Recently, I spent several hours helping a very senior lawyer who called for help figuring out how to get positioned as the go-to lawyer for an emerging business problem he had observed.
He sent me a gracious thank-you note afterward. His kind gesture got me thinking about what I actually do as a trainer and coach, and the similarities to what you do as lawyers.
All of us live for the challenges. We chose to be lawyers or coaches so we could work on the ultra-complicated, unique business or legal challenges. These are the matters that require the creative, one-off solutions that we all find so stimulating, and that require us to bring our "A" game.
Fresh eyes on the problem
Much of what we often do, however, is facilitate a more thorough analysis of the situation by others. As we drill down deeper into the various scenarios, facts, and subtleties, we try to make sense of a problem as outsiders. That "fresh eyes" process helps our client separate the strategic wheat from the data chaff.
If we've done our jobs, at some point all the distracting information is stripped away, and the solution becomes obvious. Given enough time, most smart, seasoned executives and counsel will get there. Having us ask the right questions, listen, ask more questions, listen some more, and so on, can help them get there right now.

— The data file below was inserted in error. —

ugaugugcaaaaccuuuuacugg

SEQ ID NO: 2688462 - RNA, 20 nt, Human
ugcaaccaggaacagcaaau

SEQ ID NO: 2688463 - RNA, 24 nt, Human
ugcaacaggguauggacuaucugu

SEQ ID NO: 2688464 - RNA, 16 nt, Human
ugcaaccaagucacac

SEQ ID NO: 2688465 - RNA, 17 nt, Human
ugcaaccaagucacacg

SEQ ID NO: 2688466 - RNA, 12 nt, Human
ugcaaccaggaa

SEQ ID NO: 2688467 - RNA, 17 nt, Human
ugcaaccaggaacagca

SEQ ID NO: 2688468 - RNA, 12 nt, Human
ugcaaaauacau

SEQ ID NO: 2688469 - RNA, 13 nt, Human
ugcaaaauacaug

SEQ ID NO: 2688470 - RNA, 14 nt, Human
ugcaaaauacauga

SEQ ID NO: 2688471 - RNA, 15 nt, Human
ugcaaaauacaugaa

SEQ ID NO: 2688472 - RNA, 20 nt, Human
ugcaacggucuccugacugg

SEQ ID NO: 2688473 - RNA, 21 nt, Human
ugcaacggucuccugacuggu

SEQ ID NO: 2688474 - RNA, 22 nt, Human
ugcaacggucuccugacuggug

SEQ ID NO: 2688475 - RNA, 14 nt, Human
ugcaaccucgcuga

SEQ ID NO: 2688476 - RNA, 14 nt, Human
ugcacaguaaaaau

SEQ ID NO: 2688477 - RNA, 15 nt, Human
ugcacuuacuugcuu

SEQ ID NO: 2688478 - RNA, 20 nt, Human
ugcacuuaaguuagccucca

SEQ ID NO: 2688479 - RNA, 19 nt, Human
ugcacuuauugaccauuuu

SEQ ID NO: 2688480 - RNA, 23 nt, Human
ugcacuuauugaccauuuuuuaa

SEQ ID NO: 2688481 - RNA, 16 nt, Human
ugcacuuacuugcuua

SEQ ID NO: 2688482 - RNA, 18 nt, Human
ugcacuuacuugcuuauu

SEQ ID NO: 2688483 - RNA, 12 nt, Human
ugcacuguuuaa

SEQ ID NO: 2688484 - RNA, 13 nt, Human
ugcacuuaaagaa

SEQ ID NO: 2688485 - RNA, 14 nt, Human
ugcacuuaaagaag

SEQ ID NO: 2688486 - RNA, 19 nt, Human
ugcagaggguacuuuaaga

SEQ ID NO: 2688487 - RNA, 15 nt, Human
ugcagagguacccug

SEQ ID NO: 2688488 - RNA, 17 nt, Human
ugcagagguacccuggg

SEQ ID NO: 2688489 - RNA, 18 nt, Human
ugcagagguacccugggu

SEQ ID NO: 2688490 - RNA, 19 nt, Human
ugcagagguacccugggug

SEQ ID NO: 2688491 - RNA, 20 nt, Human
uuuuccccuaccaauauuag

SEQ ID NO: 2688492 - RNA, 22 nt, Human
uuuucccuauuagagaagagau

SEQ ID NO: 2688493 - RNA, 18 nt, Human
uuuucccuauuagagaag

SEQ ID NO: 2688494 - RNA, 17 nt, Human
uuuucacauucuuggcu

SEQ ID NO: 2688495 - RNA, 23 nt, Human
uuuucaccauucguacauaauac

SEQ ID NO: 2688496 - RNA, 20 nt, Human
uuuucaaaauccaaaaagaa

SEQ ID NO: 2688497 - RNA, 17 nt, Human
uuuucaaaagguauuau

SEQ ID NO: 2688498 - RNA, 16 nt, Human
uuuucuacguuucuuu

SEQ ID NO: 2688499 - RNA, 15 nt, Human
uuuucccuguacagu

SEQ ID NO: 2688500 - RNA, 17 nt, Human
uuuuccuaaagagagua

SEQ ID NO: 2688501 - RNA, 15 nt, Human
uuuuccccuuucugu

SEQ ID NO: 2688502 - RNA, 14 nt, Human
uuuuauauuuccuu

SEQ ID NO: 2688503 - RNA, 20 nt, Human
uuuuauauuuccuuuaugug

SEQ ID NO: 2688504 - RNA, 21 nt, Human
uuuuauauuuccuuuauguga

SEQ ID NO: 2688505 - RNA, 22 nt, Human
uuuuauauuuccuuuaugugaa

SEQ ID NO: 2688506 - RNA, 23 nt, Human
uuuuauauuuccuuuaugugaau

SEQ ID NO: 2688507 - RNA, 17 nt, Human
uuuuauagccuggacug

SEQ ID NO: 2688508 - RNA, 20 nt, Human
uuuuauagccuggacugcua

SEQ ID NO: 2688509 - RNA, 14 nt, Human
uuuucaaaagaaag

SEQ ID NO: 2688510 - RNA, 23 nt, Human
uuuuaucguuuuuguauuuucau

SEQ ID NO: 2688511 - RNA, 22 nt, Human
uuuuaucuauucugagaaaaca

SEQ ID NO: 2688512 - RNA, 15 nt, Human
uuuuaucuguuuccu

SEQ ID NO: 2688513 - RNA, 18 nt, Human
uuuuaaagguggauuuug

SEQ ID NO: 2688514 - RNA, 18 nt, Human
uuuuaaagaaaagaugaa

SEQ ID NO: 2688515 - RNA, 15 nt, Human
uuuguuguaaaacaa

Don’t fall in love with your inventory
Years ago, a good friend had a small used car dealership, mostly selling Porsches. After a recession had firmly gripped the economy, I drove past his shop and the Porsches were gone, replaced by used Toyotas and Nissans. When I asked why, he said that the recession had dampened demand for indulgent cars. I’ll never forget his wisdom: “Don’t fall in love with your inventory. You have to sell what sells now.
Similarly, don't hitch your practice’s wagon to specific legal knowledge or skills alone. All knowledge ages and eventually obsoletes itself as demand drops. There are countless lawyers offering similar knowledge and skills, making that a race to the bottom.
Sell prospects on your ability to facilitate an outcome, using whatever resources are appropriate. Now that clients are doing more work in-house, being able to collaborate with their legal staff may be the difference between collaborating and competing -- a competition you’re guaranteed to lose.
Approaching business development this way lets you make the sale in a way that frees you from the (default) expectation that you'll be the one to do all the work. Who to hire and trust with the outcome is the client's decision. How you produce that outcome, i.e., who performs what portion of the work is yours. Make sure to sell in a way that reserves that decision to you. Otherwise, you'll be trapped on a billable-hour treadmill that's hard to escape.